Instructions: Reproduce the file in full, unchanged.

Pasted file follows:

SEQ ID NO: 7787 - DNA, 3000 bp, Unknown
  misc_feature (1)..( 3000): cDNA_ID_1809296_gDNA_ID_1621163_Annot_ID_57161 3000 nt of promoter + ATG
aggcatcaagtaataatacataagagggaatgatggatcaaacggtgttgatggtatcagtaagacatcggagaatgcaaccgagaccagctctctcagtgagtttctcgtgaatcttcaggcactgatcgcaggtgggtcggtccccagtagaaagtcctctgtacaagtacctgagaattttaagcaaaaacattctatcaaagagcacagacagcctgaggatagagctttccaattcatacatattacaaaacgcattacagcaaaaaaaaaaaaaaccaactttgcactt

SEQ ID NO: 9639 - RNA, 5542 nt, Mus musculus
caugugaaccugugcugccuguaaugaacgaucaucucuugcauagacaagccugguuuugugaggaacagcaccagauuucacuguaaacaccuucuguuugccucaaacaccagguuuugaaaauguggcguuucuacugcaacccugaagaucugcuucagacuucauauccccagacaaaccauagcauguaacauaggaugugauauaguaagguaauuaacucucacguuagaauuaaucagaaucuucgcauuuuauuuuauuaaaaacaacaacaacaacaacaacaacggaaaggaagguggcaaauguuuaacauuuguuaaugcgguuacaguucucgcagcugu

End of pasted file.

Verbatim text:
SEQ ID NO: 7787 - DNA, 3000 bp, Unknown
  misc_feature (1)..( 3000): cDNA_ID_1809296_gDNA_ID_1621163_Annot_ID_57161 3000 nt of promoter + ATG
aggcatcaagtaataatacataagagggaatgatggatcaaacggtgttgatggtatcagtaagacatcggagaatgcaaccgagaccagctctctcagtgagtttctcgtgaatcttcaggcactgatcgcaggtgggtcggtccccagtagaaagtcctctgtacaagtacctgagaattttaagcaaaaacattctatcaaagagcacagacagcctgaggatagagctttccaattcatacatattacaaaacgcattacagcaaaaaaaaaaaaaaccaactttgcactt

SEQ ID NO: 9639 - RNA, 5542 nt, Mus musculus
caugugaaccugugcugccuguaaugaacgaucaucucuugcauagacaagccugguuuugugaggaacagcaccagauuucacuguaaacaccuucuguuugccucaaacaccagguuuugaaaauguggcguuucuacugcaacccugaagaucugcuucagacuucauauccccagacaaaccauagcauguaacauaggaugugauauaguaagguaauuaacucucacguuagaauuaaucagaaucuucgcauuuuauuuuauuaaaaacaacaacaacaacaacaacaacggaaaggaagguggcaaauguuuaacauuuguuaaugcgguuacaguucucgcagcugu